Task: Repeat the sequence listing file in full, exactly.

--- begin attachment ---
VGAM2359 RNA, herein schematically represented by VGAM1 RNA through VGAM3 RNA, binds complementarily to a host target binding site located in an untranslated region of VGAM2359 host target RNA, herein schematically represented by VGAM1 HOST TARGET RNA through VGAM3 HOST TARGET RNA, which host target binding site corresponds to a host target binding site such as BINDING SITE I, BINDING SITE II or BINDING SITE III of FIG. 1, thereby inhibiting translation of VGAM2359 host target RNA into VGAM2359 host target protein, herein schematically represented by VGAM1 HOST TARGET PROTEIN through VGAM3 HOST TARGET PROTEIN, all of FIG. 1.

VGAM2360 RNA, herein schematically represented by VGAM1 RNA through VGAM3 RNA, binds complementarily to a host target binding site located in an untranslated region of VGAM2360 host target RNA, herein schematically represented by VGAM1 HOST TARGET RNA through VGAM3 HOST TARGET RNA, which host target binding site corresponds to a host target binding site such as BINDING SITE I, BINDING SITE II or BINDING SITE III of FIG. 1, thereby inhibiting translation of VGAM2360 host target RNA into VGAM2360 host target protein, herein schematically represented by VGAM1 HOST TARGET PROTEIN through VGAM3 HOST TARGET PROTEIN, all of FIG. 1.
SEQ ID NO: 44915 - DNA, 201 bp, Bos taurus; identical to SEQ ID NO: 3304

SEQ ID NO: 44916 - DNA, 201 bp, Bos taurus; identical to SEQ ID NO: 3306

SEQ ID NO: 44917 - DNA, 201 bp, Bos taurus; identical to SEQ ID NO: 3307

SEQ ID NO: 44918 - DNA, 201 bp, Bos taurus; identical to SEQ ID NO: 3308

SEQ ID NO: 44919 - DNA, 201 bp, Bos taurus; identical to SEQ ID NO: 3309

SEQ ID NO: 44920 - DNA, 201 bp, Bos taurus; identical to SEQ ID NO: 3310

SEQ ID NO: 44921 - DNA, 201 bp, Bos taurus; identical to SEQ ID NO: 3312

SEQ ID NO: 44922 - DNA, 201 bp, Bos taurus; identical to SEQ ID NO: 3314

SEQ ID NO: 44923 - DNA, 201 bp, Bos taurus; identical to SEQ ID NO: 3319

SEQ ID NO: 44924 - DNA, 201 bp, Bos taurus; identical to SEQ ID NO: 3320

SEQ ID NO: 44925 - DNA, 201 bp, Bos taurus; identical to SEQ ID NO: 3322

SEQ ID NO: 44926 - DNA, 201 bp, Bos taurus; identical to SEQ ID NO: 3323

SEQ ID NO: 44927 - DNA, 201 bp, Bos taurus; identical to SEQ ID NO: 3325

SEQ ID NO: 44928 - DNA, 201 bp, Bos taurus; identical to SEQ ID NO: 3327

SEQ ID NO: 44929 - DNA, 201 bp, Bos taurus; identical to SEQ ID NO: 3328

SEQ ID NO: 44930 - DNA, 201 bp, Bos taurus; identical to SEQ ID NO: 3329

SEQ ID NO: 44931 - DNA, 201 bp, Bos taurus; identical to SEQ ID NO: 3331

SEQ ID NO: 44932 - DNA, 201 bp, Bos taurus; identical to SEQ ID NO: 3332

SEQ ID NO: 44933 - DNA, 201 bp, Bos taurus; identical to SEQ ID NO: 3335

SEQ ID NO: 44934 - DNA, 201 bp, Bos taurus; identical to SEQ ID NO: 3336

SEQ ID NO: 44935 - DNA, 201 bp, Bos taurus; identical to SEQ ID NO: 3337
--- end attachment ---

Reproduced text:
VGAM2359 RNA, herein schematically represented by VGAM1 RNA through VGAM3 RNA, binds complementarily to a host target binding site located in an untranslated region of VGAM2359 host target RNA, herein schematically represented by VGAM1 HOST TARGET RNA through VGAM3 HOST TARGET RNA, which host target binding site corresponds to a host target binding site such as BINDING SITE I, BINDING SITE II or BINDING SITE III of FIG. 1, thereby inhibiting translation of VGAM2359 host target RNA into VGAM2359 host target protein, herein schematically represented by VGAM1 HOST TARGET PROTEIN through VGAM3 HOST TARGET PROTEIN, all of FIG. 1.

VGAM2360 RNA, herein schematically represented by VGAM1 RNA through VGAM3 RNA, binds complementarily to a host target binding site located in an untranslated region of VGAM2360 host target RNA, herein schematically represented by VGAM1 HOST TARGET RNA through VGAM3 HOST TARGET RNA, which host target binding site corresponds to a host target binding site such as BINDING SITE I, BINDING SITE II or BINDING SITE III of FIG. 1, thereby inhibiting translation of VGAM2360 host target RNA into VGAM2360 host target protein, herein schematically represented by VGAM1 HOST TARGET PROTEIN through VGAM3 HOST TARGET PROTEIN, all of FIG. 1.
SEQ ID NO: 44915 - DNA, 201 bp, Bos taurus; identical to SEQ ID NO: 3304

SEQ ID NO: 44916 - DNA, 201 bp, Bos taurus; identical to SEQ ID NO: 3306

SEQ ID NO: 44917 - DNA, 201 bp, Bos taurus; identical to SEQ ID NO: 3307

SEQ ID NO: 44918 - DNA, 201 bp, Bos taurus; identical to SEQ ID NO: 3308

SEQ ID NO: 44919 - DNA, 201 bp, Bos taurus; identical to SEQ ID NO: 3309

SEQ ID NO: 44920 - DNA, 201 bp, Bos taurus; identical to SEQ ID NO: 3310

SEQ ID NO: 44921 - DNA, 201 bp, Bos taurus; identical to SEQ ID NO: 3312

SEQ ID NO: 44922 - DNA, 201 bp, Bos taurus; identical to SEQ ID NO: 3314

SEQ ID NO: 44923 - DNA, 201 bp, Bos taurus; identical to SEQ ID NO: 3319

SEQ ID NO: 44924 - DNA, 201 bp, Bos taurus; identical to SEQ ID NO: 3320

SEQ ID NO: 44925 - DNA, 201 bp, Bos taurus; identical to SEQ ID NO: 3322

SEQ ID NO: 44926 - DNA, 201 bp, Bos taurus; identical to SEQ ID NO: 3323

SEQ ID NO: 44927 - DNA, 201 bp, Bos taurus; identical to SEQ ID NO: 3325

SEQ ID NO: 44928 - DNA, 201 bp, Bos taurus; identical to SEQ ID NO: 3327

SEQ ID NO: 44929 - DNA, 201 bp, Bos taurus; identical to SEQ ID NO: 3328

SEQ ID NO: 44930 - DNA, 201 bp, Bos taurus; identical to SEQ ID NO: 3329

SEQ ID NO: 44931 - DNA, 201 bp, Bos taurus; identical to SEQ ID NO: 3331

SEQ ID NO: 44932 - DNA, 201 bp, Bos taurus; identical to SEQ ID NO: 3332

SEQ ID NO: 44933 - DNA, 201 bp, Bos taurus; identical to SEQ ID NO: 3335

SEQ ID NO: 44934 - DNA, 201 bp, Bos taurus; identical to SEQ ID NO: 3336

SEQ ID NO: 44935 - DNA, 201 bp, Bos taurus; identical to SEQ ID NO: 3337